# Eigenvalues and eigenvectors

1. Oct 30, 2013

### MrAlbot

Hello guys, is there any way someone can explain to me in resume what eigen values and eigenvectors are because I don't realy recall this theme from linear algebra, and i'm not getting intuition on where does Fourier transform comes from.

my teacher wrote:
A$\overline{v}$ = λ$\overline{v}$

then he said that for a vector $\overline{x}$

$\overline{x}$ = $\sum^{n}$ $_{i=1}$ xi $\overline{e}$i

and he calls this $\overline{ei}$ the inicial ortonormal base

the he says that this is equal to

$\overline{x}$ = $\sum^{n}$ $_{i=1}$ $\widehat{x}$i $\overline{v}$i

where $\overline{v}$i is the base of the eigenvectors of A

then he says that y=A$\overline{x}$

$\overline{y}$ = $\sum^{n}$ $_{i=1}$ yi $\overline{e}$i = $\sum^{n}$ $_{i=1}$ $\widehat{y}$i $\overline{v}$i = A$\sum^{n}$ $_{i=1}$ $\widehat{x}$i $\overline{v}$i = $\sum^{n}$ $_{i=1}$ A$\widehat{x}$i $\overline{v}$i = itex]\sum^{n}[/itex] $_{i=1}$ $\widehat{x}$i A $\overline{v}$i = as A$\overline{v}$i is λ$\overline{v}$i = itex]\sum^{n}[/itex] $_{i=1}$ $\widehat{x}$i λi $\overline{v}$i

So we get that $\widehat{x}$i λ = $\widehat{y}$i

I Would like to know the intuition behind this and how it relates to the Fourier Series/ Fourier Transform.
I'd really apreciate not to go into deep mathematics once I have very very weak Linear Algebra bases and I will have to waste some time relearning it, but unfortunately I don't have time now.

Hope someone can help!

Pedro

2. Oct 30, 2013

### UltrafastPED

In linear algebra you will have "diagonalized the matrix" towards the end of the term; this process finds the eigenvalues (the terms on the diagonal) and the eigenvectors (the new set of basis vectors for the system).

Thus if you can diagonalize the matrix, a complete set of eigenvectors will exist; they have very nice analytical properties. They correspond to the physical "modes of the system" - if you bang something in the same direction as one of its eigenvectors, then it will only respond in that direction; if you hit it elsewhere, you get multiple responses. That is the significance of the eigenvector equation ... used heavily in acoustics and quantum mechanics, among others.

3. Oct 30, 2013

### hilbert2

Not all matrices have a set of eigenvectors that spans the whole vector space. As an example consider the rotation matrix in ℝ2:

\begin{pmatrix}
cos\theta & -sin\theta \\
sin\theta & cos\theta
\end{pmatrix}

Unless $\theta$ is a multiple of $\pi$, this matrix doesn't have eigenvectors at all!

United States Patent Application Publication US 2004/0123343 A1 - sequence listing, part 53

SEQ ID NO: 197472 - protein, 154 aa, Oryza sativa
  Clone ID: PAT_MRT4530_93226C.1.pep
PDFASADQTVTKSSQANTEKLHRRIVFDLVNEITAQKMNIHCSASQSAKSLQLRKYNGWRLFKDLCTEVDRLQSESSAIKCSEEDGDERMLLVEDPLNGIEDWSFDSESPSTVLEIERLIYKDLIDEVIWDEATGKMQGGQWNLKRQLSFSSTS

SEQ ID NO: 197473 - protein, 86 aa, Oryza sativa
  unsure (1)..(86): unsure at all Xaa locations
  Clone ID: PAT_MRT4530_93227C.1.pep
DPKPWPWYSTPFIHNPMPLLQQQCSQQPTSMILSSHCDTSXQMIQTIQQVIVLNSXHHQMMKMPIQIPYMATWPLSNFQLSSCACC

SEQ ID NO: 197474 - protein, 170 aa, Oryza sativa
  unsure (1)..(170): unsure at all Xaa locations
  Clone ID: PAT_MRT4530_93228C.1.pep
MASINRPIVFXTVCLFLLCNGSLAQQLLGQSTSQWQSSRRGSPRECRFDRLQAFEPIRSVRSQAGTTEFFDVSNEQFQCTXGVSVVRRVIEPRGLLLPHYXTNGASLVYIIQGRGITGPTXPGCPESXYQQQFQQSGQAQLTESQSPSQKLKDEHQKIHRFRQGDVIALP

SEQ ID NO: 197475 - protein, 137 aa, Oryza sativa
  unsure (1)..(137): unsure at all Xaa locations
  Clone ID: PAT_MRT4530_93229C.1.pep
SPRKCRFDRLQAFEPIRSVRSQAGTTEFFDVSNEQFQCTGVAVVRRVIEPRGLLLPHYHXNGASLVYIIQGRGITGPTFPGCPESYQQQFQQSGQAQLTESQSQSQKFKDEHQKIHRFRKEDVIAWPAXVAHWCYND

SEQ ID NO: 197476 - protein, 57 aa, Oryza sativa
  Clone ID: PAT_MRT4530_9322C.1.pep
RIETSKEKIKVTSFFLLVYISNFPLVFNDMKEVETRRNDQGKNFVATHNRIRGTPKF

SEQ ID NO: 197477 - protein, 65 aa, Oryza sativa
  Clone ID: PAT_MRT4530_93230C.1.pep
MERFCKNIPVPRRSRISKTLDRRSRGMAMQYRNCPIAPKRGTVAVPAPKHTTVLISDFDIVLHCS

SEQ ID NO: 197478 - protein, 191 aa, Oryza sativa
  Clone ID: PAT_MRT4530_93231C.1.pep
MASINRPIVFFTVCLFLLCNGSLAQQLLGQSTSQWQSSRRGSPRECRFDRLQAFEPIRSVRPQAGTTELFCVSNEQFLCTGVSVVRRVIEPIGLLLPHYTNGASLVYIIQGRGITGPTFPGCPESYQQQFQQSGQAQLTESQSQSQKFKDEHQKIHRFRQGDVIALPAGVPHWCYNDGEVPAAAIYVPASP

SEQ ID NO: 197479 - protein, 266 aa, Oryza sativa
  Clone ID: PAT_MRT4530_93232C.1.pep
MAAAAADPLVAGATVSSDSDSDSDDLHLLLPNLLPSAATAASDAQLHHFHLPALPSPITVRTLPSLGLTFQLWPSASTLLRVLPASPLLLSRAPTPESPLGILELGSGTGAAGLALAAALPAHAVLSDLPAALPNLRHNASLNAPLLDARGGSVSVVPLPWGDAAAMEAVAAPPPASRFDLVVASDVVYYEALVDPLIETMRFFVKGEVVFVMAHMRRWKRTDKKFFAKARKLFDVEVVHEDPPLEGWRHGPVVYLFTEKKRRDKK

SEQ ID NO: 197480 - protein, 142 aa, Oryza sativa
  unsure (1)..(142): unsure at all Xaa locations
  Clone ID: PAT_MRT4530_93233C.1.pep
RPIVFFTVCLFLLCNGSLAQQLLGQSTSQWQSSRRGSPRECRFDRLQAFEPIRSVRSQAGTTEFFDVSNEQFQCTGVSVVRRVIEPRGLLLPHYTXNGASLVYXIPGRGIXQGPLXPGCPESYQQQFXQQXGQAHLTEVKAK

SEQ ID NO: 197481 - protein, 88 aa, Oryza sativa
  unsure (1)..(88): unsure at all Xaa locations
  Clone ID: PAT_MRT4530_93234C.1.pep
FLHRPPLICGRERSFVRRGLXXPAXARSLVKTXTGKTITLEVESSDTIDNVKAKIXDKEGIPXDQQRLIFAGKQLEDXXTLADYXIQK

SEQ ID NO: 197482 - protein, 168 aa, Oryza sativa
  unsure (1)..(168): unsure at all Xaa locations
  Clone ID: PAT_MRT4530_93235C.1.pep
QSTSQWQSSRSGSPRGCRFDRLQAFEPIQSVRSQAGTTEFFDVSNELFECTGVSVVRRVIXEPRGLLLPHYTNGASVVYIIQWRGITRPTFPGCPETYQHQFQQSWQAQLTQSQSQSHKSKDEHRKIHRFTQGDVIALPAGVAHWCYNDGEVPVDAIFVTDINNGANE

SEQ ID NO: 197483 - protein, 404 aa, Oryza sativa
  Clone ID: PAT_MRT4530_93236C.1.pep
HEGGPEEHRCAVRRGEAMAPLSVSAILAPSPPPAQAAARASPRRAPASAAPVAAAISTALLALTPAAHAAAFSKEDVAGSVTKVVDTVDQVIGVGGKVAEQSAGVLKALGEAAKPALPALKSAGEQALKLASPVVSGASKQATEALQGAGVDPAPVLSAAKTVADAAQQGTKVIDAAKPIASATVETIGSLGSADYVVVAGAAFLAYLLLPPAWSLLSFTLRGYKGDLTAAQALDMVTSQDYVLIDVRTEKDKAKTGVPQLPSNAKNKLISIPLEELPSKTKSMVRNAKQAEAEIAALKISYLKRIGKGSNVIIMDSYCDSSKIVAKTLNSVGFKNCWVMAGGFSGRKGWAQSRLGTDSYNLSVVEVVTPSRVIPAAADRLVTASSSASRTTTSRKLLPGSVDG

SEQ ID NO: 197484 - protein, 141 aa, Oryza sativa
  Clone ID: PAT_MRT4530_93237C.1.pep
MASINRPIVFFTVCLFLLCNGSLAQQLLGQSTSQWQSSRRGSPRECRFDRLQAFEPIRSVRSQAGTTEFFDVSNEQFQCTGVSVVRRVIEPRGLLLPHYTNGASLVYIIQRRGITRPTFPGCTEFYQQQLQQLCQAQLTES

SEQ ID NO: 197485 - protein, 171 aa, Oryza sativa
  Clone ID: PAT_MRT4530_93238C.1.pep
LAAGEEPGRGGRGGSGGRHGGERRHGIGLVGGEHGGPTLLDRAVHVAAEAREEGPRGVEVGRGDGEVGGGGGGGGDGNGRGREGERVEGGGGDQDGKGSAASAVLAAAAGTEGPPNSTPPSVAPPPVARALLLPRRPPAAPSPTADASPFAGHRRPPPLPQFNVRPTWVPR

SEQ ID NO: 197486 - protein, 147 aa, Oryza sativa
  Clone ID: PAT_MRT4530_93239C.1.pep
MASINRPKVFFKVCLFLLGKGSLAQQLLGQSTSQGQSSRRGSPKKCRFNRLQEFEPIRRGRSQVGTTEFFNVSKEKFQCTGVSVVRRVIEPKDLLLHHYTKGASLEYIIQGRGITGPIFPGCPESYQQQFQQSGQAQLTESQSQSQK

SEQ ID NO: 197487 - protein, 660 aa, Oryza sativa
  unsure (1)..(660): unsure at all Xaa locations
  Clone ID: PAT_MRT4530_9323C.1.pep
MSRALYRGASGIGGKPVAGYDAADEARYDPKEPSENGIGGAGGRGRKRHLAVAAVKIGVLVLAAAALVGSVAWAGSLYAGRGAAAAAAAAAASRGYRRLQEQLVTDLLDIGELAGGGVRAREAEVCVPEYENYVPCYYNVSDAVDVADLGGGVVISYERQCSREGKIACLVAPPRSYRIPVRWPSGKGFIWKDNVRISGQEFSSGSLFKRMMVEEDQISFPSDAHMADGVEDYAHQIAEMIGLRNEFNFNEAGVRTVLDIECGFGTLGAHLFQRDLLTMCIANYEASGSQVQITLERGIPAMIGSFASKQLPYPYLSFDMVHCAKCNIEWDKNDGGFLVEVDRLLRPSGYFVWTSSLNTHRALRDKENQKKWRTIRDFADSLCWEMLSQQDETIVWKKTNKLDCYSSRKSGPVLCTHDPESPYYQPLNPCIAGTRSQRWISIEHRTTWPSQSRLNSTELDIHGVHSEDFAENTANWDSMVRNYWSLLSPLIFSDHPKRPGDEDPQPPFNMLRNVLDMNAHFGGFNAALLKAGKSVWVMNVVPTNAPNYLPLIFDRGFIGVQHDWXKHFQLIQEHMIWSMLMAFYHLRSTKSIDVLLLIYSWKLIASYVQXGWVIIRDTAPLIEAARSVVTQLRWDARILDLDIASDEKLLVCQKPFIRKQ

Usually in applications in physics and engineering, the matrices are hermitian, which guarantees a complete set of eigenvectors.

4. Oct 30, 2013

### WWGD

Mr. Albot:
Maybe you can look at hilbert2's example to illustrate the concept: if 1 were an eigenvalue, then a vector would be sent to itself ( or, more precisely, to the same place (x,y) where it starts; after a rotation). Clearly, like hilbert2 says, 1 can only be an eigenvalue if you rotate by an integer multiple of $$\pi$$ , and the eigenvectors would be all points that are fixed by the rotation. Notice that if $$\lambda=1$$ is an eigenvalue, that means $$Tv=v$$ , so that v is fixed by the transformation.

5. Nov 1, 2013

### MrAlbot

Thanks Alot guys! I just started to study Linear Algebra from the beggining because I wasn't understanding anything you were saying, but only now I can to see how usefull your comments were! Algebra is beautifull ...Thanks alot again!

6. Nov 1, 2013

### WWGD

A correction to my post #4: that should be an integer multiple of $2\pi$ , not an integer multiple of $\pi$.

7. Nov 2, 2013

### MrAlbot

exactly! that makes alot more sense now, but I got the point the first time. Do you know where can I find the best place to learn the derivation of Fourier transform? Right now I am learning from khan academy once i'm a little short on time but its being a pleasant trip over linear algebra. How exactly do I map from the R^n to the complex map ?
Best regards

edit: what I really want to know is the derivation of laplace transform and Z transform, once Fourier comes from that.

Last edited: Nov 2, 2013